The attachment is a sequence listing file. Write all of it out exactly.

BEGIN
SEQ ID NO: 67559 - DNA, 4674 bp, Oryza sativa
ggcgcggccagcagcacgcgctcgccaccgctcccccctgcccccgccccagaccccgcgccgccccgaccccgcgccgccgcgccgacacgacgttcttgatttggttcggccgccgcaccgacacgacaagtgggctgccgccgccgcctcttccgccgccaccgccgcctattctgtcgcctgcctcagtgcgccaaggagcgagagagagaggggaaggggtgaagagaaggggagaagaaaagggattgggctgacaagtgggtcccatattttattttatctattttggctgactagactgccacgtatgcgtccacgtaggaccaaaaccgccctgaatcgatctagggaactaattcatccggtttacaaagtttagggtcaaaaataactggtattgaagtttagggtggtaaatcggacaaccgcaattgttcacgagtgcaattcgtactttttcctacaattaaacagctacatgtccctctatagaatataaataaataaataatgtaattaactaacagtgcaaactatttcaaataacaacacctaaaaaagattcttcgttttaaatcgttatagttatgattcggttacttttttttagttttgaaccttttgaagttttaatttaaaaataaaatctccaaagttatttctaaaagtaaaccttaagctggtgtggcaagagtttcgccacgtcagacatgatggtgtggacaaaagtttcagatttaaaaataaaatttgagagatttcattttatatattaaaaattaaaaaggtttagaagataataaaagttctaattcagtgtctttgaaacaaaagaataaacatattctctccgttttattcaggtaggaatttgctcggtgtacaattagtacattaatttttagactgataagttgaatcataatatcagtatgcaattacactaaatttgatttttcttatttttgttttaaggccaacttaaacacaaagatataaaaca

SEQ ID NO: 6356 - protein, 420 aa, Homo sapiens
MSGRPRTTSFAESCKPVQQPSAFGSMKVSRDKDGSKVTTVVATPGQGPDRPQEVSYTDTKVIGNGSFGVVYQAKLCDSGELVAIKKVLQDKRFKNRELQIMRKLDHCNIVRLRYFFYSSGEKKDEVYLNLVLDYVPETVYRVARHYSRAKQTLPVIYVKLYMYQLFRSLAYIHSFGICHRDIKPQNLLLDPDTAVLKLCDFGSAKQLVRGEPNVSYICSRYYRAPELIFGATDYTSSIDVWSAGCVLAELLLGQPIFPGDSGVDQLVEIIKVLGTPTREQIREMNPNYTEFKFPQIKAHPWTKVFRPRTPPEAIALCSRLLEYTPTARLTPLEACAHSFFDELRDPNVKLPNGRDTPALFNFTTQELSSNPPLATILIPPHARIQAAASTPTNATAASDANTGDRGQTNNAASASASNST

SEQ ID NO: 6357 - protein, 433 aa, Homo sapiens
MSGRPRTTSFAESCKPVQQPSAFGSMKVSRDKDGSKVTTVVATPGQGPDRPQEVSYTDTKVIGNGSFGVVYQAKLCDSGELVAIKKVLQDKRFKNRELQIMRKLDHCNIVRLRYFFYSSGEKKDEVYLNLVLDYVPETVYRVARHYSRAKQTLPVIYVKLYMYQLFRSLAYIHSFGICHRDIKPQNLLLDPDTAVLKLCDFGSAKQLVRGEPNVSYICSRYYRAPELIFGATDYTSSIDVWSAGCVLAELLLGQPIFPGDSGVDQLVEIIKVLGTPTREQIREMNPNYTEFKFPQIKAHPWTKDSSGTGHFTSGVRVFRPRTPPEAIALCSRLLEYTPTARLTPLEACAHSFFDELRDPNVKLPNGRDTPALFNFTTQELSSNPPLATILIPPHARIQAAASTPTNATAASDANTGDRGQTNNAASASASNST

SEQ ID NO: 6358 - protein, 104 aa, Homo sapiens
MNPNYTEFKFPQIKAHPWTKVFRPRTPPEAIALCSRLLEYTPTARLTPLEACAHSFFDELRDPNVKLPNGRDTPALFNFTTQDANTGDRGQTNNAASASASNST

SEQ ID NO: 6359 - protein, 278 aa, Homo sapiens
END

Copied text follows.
SEQ ID NO: 67559 - DNA, 4674 bp, Oryza sativa
ggcgcggccagcagcacgcgctcgccaccgctcccccctgcccccgccccagaccccgcgccgccccgaccccgcgccgccgcgccgacacgacgttcttgatttggttcggccgccgcaccgacacgacaagtgggctgccgccgccgcctcttccgccgccaccgccgcctattctgtcgcctgcctcagtgcgccaaggagcgagagagagaggggaaggggtgaagagaaggggagaagaaaagggattgggctgacaagtgggtcccatattttattttatctattttggctgactagactgccacgtatgcgtccacgtaggaccaaaaccgccctgaatcgatctagggaactaattcatccggtttacaaagtttagggtcaaaaataactggtattgaagtttagggtggtaaatcggacaaccgcaattgttcacgagtgcaattcgtactttttcctacaattaaacagctacatgtccctctatagaatataaataaataaataatgtaattaactaacagtgcaaactatttcaaataacaacacctaaaaaagattcttcgttttaaatcgttatagttatgattcggttacttttttttagttttgaaccttttgaagttttaatttaaaaataaaatctccaaagttatttctaaaagtaaaccttaagctggtgtggcaagagtttcgccacgtcagacatgatggtgtggacaaaagtttcagatttaaaaataaaatttgagagatttcattttatatattaaaaattaaaaaggtttagaagataataaaagttctaattcagtgtctttgaaacaaaagaataaacatattctctccgttttattcaggtaggaatttgctcggtgtacaattagtacattaatttttagactgataagttgaatcataatatcagtatgcaattacactaaatttgatttttcttatttttgttttaaggccaacttaaacacaaagatataaaaca

SEQ ID NO: 6356 - protein, 420 aa, Homo sapiens
MSGRPRTTSFAESCKPVQQPSAFGSMKVSRDKDGSKVTTVVATPGQGPDRPQEVSYTDTKVIGNGSFGVVYQAKLCDSGELVAIKKVLQDKRFKNRELQIMRKLDHCNIVRLRYFFYSSGEKKDEVYLNLVLDYVPETVYRVARHYSRAKQTLPVIYVKLYMYQLFRSLAYIHSFGICHRDIKPQNLLLDPDTAVLKLCDFGSAKQLVRGEPNVSYICSRYYRAPELIFGATDYTSSIDVWSAGCVLAELLLGQPIFPGDSGVDQLVEIIKVLGTPTREQIREMNPNYTEFKFPQIKAHPWTKVFRPRTPPEAIALCSRLLEYTPTARLTPLEACAHSFFDELRDPNVKLPNGRDTPALFNFTTQELSSNPPLATILIPPHARIQAAASTPTNATAASDANTGDRGQTNNAASASASNST

SEQ ID NO: 6357 - protein, 433 aa, Homo sapiens
MSGRPRTTSFAESCKPVQQPSAFGSMKVSRDKDGSKVTTVVATPGQGPDRPQEVSYTDTKVIGNGSFGVVYQAKLCDSGELVAIKKVLQDKRFKNRELQIMRKLDHCNIVRLRYFFYSSGEKKDEVYLNLVLDYVPETVYRVARHYSRAKQTLPVIYVKLYMYQLFRSLAYIHSFGICHRDIKPQNLLLDPDTAVLKLCDFGSAKQLVRGEPNVSYICSRYYRAPELIFGATDYTSSIDVWSAGCVLAELLLGQPIFPGDSGVDQLVEIIKVLGTPTREQIREMNPNYTEFKFPQIKAHPWTKDSSGTGHFTSGVRVFRPRTPPEAIALCSRLLEYTPTARLTPLEACAHSFFDELRDPNVKLPNGRDTPALFNFTTQELSSNPPLATILIPPHARIQAAASTPTNATAASDANTGDRGQTNNAASASASNST

SEQ ID NO: 6358 - protein, 104 aa, Homo sapiens
MNPNYTEFKFPQIKAHPWTKVFRPRTPPEAIALCSRLLEYTPTARLTPLEACAHSFFDELRDPNVKLPNGRDTPALFNFTTQDANTGDRGQTNNAASASASNST

SEQ ID NO: 6359 - protein, 278 aa, Homo sapiens